It was a story of how the char siew pau or pork dumpling got its red dot. I sat in on the rehearsals. I was open to any feedback from anyone, especially the actor, Moses Lim, who would be performing this monologue. I had gone through the lines so many times in my head that I was numb. I did not know if the story was funny anymore. I was filled with dread.
Until Moses Lim performed.
He spoke every word as written. He used his body, hands, and face, to service the words and the story. And boy, did it work. I learnt two things then.
1. Moses Lim was a gifted comedic actor.
2. I could write comedy.
More importantly, I could write comedy because someone performed my words exactly as written, and the words worked.
And knowing that boosted my confidence and taught me that….
A Writer Must Be Precious About His Words
It’s not to serve a writer’s ego. It’s so that the writer can tell that what he has put into flesh, can walk. And any director, or producer, who changes the words, resulting in a scene that does not work, does a disservice to the writer’s education. You, as the writer, would not have learnt anything other than the fact that your words were changed and what was changed did not work. And not knowing if your scene construction had worked, means you continue to live in Doubt’s shadow. You can’t bring your experience as a writer to the next project because in the previous project, you did not know if your writing was any good.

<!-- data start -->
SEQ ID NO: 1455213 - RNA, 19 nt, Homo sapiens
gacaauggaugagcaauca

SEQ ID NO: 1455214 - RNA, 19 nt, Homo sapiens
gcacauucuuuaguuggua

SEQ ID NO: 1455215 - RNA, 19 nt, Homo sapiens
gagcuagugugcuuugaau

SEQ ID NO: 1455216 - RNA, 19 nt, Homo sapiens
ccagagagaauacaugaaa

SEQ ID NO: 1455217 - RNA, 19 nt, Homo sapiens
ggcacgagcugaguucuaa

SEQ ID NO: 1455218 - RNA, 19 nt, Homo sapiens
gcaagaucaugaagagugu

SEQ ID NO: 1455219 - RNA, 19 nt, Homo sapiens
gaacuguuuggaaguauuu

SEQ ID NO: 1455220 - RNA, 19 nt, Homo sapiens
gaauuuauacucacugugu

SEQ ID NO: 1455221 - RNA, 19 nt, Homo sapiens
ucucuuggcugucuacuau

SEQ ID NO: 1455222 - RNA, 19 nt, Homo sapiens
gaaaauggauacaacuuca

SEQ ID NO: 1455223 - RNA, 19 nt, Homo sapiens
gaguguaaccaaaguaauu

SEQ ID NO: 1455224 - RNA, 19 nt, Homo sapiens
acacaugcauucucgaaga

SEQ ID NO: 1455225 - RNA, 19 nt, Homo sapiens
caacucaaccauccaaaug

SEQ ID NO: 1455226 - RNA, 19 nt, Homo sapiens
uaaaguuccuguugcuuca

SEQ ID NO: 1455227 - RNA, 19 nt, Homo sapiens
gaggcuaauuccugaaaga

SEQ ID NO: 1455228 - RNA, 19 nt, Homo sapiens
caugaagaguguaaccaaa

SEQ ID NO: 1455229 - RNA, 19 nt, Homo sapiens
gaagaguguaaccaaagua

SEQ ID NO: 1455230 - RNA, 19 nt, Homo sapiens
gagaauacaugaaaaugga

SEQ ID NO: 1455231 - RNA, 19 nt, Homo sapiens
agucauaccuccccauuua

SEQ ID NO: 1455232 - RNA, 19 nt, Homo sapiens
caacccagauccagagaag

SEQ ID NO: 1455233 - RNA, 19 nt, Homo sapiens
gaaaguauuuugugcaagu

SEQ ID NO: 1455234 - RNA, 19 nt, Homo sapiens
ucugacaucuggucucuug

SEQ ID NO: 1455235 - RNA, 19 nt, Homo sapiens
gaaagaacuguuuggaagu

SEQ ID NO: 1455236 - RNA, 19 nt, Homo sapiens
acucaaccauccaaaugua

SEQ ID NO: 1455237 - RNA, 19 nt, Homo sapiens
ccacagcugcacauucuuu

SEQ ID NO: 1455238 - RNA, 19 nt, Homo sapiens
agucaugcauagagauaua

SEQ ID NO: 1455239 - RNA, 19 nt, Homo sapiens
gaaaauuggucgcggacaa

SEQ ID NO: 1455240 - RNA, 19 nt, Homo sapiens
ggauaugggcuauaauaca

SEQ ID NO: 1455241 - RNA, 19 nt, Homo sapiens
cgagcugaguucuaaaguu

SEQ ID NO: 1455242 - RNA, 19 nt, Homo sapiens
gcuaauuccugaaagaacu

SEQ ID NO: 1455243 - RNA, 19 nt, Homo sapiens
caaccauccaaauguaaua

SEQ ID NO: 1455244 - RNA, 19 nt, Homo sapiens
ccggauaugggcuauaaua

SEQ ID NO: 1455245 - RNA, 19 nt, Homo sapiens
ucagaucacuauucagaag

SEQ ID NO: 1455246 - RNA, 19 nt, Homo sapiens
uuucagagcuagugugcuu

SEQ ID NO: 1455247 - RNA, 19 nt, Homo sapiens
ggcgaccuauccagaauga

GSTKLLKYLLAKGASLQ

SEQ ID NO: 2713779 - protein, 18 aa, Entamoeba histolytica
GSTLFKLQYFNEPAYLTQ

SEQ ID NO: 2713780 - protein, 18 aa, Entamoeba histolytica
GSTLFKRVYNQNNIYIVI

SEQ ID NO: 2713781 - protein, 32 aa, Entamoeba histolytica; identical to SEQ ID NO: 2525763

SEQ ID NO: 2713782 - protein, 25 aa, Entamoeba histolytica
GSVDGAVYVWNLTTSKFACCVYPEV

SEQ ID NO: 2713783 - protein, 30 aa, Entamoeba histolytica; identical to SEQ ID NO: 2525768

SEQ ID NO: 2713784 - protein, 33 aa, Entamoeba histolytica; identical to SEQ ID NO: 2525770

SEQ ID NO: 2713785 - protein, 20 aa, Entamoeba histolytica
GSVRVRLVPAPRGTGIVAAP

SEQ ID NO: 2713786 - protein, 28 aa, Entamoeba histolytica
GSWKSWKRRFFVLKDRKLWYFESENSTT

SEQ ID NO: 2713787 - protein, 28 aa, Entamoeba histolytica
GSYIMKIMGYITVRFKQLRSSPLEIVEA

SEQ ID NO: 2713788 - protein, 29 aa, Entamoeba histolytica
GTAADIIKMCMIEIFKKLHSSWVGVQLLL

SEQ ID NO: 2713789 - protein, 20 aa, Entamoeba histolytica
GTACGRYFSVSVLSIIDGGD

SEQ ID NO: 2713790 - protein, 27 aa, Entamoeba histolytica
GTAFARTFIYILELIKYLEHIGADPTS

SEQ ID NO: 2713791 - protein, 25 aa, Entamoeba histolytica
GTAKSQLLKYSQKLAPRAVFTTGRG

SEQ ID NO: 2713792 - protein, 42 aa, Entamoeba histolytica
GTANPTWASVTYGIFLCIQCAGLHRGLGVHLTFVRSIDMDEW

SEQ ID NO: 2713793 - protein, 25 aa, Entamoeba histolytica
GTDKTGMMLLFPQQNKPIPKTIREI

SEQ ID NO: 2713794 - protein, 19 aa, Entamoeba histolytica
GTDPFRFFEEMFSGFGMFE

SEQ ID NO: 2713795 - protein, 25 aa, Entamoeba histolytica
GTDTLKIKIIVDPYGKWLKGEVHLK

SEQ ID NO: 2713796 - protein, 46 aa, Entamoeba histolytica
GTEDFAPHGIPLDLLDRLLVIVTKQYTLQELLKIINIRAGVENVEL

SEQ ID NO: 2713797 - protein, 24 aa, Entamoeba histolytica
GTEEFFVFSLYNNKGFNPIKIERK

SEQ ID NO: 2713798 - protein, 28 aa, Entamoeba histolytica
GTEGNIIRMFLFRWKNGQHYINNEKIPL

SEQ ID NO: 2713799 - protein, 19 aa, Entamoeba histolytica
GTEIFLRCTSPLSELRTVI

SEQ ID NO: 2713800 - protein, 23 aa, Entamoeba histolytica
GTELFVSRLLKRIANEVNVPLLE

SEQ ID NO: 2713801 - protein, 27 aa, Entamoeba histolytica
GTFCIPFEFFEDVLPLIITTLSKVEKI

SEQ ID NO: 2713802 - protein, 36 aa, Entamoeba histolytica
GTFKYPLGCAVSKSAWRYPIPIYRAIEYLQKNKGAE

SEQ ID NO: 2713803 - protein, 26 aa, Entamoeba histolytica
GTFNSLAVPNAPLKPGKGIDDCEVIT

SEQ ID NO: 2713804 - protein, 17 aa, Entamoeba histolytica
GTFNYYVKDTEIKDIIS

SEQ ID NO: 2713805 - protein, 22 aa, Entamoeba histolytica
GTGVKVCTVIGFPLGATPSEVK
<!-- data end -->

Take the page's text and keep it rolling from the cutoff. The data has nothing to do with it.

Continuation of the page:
Because you did not stand up for your words.
As a writer, you’re the first audience to any story. After you have gone through several drafts of your script, you’re now ready to present your work to the world. Whatever happens next, whether your words and the order in which you put them, has conveyed accurately the emotion and the story, will depend on the audience. The audience will teach you and bring you to another level as a writer. And for that to happen, YOU, the writer, must always be doing the writing. Not the director, not the producer, not anyone else.
In your career in the creative arts, you will come across all kinds of personalities, who will sling arrows at your words, and find ways to wound your enthusiasm. Arrogant directors. Unreasonable network executives. Incompetent producers. Jealous writers. Before you let the urge to punch/bite/slap hijack your brain, remember to step back, and consider the words of wise Seneca.
Anger is a brief madness.
Stand up for your words.
But do it with quiet fortitude.
But stand up for your words.